Litt focuses on keeping jobs in Ohio, working together
It will take about eight months before residents notice a shiny, new fire truck traveling the roads and attending to emergencies.
On Monday, the Delaware City Council took the first steps to acquiring that truck by approving an advancement of cash from the general fund and the appropriation to fund the purchase of the $1.1-million fire truck and about $200,000 worth of equipment to replace the aging 30-year-old truck in the fleet.
“This is certainly a purchase the fire department has been looking forward to for a few years,” City Mayor Gary Milner said.
The current ladder truck is prone to hydraulic failures, which keeps the ladder from raising, and goes in and out of service regularly. Purchasing a new truck before now wasn’t possible with a tight city budget until a fire and emergency medical services levy was passed by voters in November.
The approved legislation advances $1.1 million from the general fund to pay up front for the truck. If the city purchases the truck upon ordering it, it can receive a $54,000 discount, City Finance Director Dean Stelzer explained.
Stelzer will enter into a capital lease purchase arrangement with either Fifth Third Bank or Huntington National Bank and finance the truck over eight years, he said. At the end of the lease, the city will own the vehicle.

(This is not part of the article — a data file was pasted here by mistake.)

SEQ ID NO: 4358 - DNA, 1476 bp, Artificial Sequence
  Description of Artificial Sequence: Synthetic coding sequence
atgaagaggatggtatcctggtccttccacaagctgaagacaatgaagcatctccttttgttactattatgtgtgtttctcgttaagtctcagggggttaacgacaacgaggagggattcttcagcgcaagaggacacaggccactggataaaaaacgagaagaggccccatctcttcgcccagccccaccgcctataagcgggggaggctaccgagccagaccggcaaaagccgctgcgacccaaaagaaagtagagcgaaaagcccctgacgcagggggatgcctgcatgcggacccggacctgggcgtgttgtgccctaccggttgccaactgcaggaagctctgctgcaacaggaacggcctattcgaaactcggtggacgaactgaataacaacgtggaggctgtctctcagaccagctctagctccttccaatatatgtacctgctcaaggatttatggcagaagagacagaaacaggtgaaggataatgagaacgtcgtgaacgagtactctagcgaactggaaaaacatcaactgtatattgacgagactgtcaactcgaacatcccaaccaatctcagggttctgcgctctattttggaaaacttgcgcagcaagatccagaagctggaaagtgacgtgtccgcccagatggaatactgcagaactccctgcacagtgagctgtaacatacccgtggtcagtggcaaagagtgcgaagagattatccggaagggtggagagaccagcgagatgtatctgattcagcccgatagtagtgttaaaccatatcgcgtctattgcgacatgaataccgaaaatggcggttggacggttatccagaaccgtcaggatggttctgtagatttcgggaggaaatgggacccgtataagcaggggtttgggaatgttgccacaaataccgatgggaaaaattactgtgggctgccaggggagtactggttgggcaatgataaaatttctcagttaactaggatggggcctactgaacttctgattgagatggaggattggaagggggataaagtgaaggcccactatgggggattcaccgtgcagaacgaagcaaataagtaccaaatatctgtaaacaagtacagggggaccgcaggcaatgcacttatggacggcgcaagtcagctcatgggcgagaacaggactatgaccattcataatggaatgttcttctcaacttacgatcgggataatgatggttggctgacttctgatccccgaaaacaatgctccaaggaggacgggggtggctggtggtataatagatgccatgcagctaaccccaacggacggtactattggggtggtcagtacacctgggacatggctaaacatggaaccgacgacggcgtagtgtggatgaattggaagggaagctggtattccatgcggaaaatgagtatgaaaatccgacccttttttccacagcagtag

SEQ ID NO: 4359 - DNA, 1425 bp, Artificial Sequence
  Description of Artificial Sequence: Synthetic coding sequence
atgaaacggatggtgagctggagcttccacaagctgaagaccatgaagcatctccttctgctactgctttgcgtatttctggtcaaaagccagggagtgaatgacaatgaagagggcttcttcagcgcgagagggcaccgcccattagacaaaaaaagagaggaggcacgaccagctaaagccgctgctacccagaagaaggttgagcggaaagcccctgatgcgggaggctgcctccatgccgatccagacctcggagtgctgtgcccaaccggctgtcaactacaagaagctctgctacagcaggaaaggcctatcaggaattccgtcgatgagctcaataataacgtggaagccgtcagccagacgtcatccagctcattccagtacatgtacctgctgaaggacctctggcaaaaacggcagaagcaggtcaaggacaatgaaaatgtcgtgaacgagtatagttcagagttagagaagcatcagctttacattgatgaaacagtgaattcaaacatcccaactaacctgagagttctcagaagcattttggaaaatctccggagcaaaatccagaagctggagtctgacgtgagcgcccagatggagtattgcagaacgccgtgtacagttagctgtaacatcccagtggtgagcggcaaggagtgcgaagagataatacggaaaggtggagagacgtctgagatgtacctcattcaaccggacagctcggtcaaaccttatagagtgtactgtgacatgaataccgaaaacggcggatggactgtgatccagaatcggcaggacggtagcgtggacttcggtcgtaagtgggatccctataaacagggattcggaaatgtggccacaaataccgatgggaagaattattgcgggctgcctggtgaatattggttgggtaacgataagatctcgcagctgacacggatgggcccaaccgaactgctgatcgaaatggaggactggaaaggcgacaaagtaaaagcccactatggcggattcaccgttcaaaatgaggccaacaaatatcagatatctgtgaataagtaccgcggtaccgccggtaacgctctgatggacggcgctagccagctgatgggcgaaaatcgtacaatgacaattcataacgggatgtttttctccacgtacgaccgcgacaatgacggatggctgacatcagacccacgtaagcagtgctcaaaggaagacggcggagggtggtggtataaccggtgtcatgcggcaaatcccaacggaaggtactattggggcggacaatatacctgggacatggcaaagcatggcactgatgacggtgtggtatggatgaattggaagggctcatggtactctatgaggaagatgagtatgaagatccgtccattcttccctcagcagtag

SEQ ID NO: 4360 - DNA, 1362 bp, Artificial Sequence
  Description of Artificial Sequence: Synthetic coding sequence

The new truck, a Pierce 100-foot aerial platform truck with a 2011 velocity chassis — is being purchased by a Wisconsin company Pierce Manufacturing that specializes in fire apparatus construction, City Fire Chief John Donahue told council Monday. It will take about eight months for the vehicle to be constructed and delivered, which should be around the first of the year.
City Councilman Andrew Brush asked about the existing equipment on the current truck and whether it would be used on the new truck.
Donahue said that any usable equipment will be put onto the new truck, but most of it was purchased at the same time as the truck 30 years ago.
The city also recently purchased land along West Central Avenue to make way for a $1.5-million fire substation, part of the levy campaign promises. The 1.58-acre property, purchased for $225,000, is located on the northwest corner of West Central Avenue and Lexington Boulevard in Delaware Township.
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